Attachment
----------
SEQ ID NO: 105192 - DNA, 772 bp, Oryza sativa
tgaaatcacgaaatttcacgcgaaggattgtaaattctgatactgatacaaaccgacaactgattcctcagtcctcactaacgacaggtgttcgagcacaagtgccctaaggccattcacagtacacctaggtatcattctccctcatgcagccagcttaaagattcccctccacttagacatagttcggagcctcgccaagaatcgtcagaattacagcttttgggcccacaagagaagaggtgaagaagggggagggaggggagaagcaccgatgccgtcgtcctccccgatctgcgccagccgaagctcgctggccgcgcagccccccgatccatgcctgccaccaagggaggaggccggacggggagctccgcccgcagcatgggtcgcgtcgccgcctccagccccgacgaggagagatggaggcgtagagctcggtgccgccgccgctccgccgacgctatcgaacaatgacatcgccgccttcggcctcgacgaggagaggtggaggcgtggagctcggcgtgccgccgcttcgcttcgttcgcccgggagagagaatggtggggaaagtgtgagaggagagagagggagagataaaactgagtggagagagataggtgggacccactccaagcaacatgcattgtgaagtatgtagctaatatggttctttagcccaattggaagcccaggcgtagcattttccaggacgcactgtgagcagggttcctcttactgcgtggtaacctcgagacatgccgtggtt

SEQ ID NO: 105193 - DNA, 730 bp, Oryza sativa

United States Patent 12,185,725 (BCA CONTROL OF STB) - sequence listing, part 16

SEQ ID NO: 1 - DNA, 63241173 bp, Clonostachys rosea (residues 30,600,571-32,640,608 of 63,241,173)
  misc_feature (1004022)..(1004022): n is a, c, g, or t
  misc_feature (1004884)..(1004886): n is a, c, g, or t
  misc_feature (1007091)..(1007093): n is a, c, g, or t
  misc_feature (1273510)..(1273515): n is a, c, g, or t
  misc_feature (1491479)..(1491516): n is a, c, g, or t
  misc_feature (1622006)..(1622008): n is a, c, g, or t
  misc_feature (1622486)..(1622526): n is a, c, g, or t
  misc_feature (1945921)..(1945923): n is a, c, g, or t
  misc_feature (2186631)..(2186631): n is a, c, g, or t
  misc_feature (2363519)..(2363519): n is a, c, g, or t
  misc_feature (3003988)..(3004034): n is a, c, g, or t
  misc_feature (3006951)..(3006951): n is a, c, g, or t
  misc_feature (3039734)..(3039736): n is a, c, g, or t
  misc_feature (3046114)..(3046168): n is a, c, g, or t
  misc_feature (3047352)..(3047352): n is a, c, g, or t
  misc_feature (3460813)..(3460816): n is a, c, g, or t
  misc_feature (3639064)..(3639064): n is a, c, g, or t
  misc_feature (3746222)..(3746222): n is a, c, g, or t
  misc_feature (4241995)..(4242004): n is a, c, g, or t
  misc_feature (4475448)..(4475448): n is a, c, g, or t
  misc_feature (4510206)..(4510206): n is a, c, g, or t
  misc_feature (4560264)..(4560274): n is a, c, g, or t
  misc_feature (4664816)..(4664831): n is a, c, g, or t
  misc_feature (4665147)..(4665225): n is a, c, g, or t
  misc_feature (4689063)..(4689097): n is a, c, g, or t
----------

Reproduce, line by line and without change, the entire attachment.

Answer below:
SEQ ID NO: 105192 - DNA, 772 bp, Oryza sativa
tgaaatcacgaaatttcacgcgaaggattgtaaattctgatactgatacaaaccgacaactgattcctcagtcctcactaacgacaggtgttcgagcacaagtgccctaaggccattcacagtacacctaggtatcattctccctcatgcagccagcttaaagattcccctccacttagacatagttcggagcctcgccaagaatcgtcagaattacagcttttgggcccacaagagaagaggtgaagaagggggagggaggggagaagcaccgatgccgtcgtcctccccgatctgcgccagccgaagctcgctggccgcgcagccccccgatccatgcctgccaccaagggaggaggccggacggggagctccgcccgcagcatgggtcgcgtcgccgcctccagccccgacgaggagagatggaggcgtagagctcggtgccgccgccgctccgccgacgctatcgaacaatgacatcgccgccttcggcctcgacgaggagaggtggaggcgtggagctcggcgtgccgccgcttcgcttcgttcgcccgggagagagaatggtggggaaagtgtgagaggagagagagggagagataaaactgagtggagagagataggtgggacccactccaagcaacatgcattgtgaagtatgtagctaatatggttctttagcccaattggaagcccaggcgtagcattttccaggacgcactgtgagcagggttcctcttactgcgtggtaacctcgagacatgccgtggtt

SEQ ID NO: 105193 - DNA, 730 bp, Oryza sativa

United States Patent 12,185,725 (BCA CONTROL OF STB) - sequence listing, part 16

SEQ ID NO: 1 - DNA, 63241173 bp, Clonostachys rosea (residues 30,600,571-32,640,608 of 63,241,173)
  misc_feature (1004022)..(1004022): n is a, c, g, or t
  misc_feature (1004884)..(1004886): n is a, c, g, or t
  misc_feature (1007091)..(1007093): n is a, c, g, or t
  misc_feature (1273510)..(1273515): n is a, c, g, or t
  misc_feature (1491479)..(1491516): n is a, c, g, or t
  misc_feature (1622006)..(1622008): n is a, c, g, or t
  misc_feature (1622486)..(1622526): n is a, c, g, or t
  misc_feature (1945921)..(1945923): n is a, c, g, or t
  misc_feature (2186631)..(2186631): n is a, c, g, or t
  misc_feature (2363519)..(2363519): n is a, c, g, or t
  misc_feature (3003988)..(3004034): n is a, c, g, or t
  misc_feature (3006951)..(3006951): n is a, c, g, or t
  misc_feature (3039734)..(3039736): n is a, c, g, or t
  misc_feature (3046114)..(3046168): n is a, c, g, or t
  misc_feature (3047352)..(3047352): n is a, c, g, or t
  misc_feature (3460813)..(3460816): n is a, c, g, or t
  misc_feature (3639064)..(3639064): n is a, c, g, or t
  misc_feature (3746222)..(3746222): n is a, c, g, or t
  misc_feature (4241995)..(4242004): n is a, c, g, or t
  misc_feature (4475448)..(4475448): n is a, c, g, or t
  misc_feature (4510206)..(4510206): n is a, c, g, or t
  misc_feature (4560264)..(4560274): n is a, c, g, or t
  misc_feature (4664816)..(4664831): n is a, c, g, or t
  misc_feature (4665147)..(4665225): n is a, c, g, or t
  misc_feature (4689063)..(4689097): n is a, c, g, or t